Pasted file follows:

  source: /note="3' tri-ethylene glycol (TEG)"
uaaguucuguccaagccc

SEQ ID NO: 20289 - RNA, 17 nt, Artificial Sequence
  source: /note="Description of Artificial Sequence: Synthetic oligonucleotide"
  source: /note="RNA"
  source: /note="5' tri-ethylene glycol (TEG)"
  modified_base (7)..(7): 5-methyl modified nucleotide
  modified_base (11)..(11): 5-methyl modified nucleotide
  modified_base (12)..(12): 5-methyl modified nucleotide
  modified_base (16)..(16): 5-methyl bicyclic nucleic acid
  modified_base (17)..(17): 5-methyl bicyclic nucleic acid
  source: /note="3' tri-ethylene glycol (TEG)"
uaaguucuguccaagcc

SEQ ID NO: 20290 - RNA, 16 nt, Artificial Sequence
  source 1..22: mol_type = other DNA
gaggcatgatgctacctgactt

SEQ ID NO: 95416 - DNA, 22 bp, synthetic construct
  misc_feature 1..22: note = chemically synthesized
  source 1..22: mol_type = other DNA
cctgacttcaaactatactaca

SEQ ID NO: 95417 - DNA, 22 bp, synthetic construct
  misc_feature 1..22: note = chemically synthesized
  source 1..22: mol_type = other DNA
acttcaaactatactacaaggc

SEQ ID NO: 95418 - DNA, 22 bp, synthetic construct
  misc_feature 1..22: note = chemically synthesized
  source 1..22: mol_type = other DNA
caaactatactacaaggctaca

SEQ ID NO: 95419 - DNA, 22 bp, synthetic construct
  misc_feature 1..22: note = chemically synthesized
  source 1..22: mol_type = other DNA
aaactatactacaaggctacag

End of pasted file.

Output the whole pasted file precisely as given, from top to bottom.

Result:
  source: /note="3' tri-ethylene glycol (TEG)"
uaaguucuguccaagccc

SEQ ID NO: 20289 - RNA, 17 nt, Artificial Sequence
  source: /note="Description of Artificial Sequence: Synthetic oligonucleotide"
  source: /note="RNA"
  source: /note="5' tri-ethylene glycol (TEG)"
  modified_base (7)..(7): 5-methyl modified nucleotide
  modified_base (11)..(11): 5-methyl modified nucleotide
  modified_base (12)..(12): 5-methyl modified nucleotide
  modified_base (16)..(16): 5-methyl bicyclic nucleic acid
  modified_base (17)..(17): 5-methyl bicyclic nucleic acid
  source: /note="3' tri-ethylene glycol (TEG)"
uaaguucuguccaagcc

SEQ ID NO: 20290 - RNA, 16 nt, Artificial Sequence
  source 1..22: mol_type = other DNA
gaggcatgatgctacctgactt

SEQ ID NO: 95416 - DNA, 22 bp, synthetic construct
  misc_feature 1..22: note = chemically synthesized
  source 1..22: mol_type = other DNA
cctgacttcaaactatactaca

SEQ ID NO: 95417 - DNA, 22 bp, synthetic construct
  misc_feature 1..22: note = chemically synthesized
  source 1..22: mol_type = other DNA
acttcaaactatactacaaggc

SEQ ID NO: 95418 - DNA, 22 bp, synthetic construct
  misc_feature 1..22: note = chemically synthesized
  source 1..22: mol_type = other DNA
caaactatactacaaggctaca

SEQ ID NO: 95419 - DNA, 22 bp, synthetic construct
  misc_feature 1..22: note = chemically synthesized
  source 1..22: mol_type = other DNA
aaactatactacaaggctacag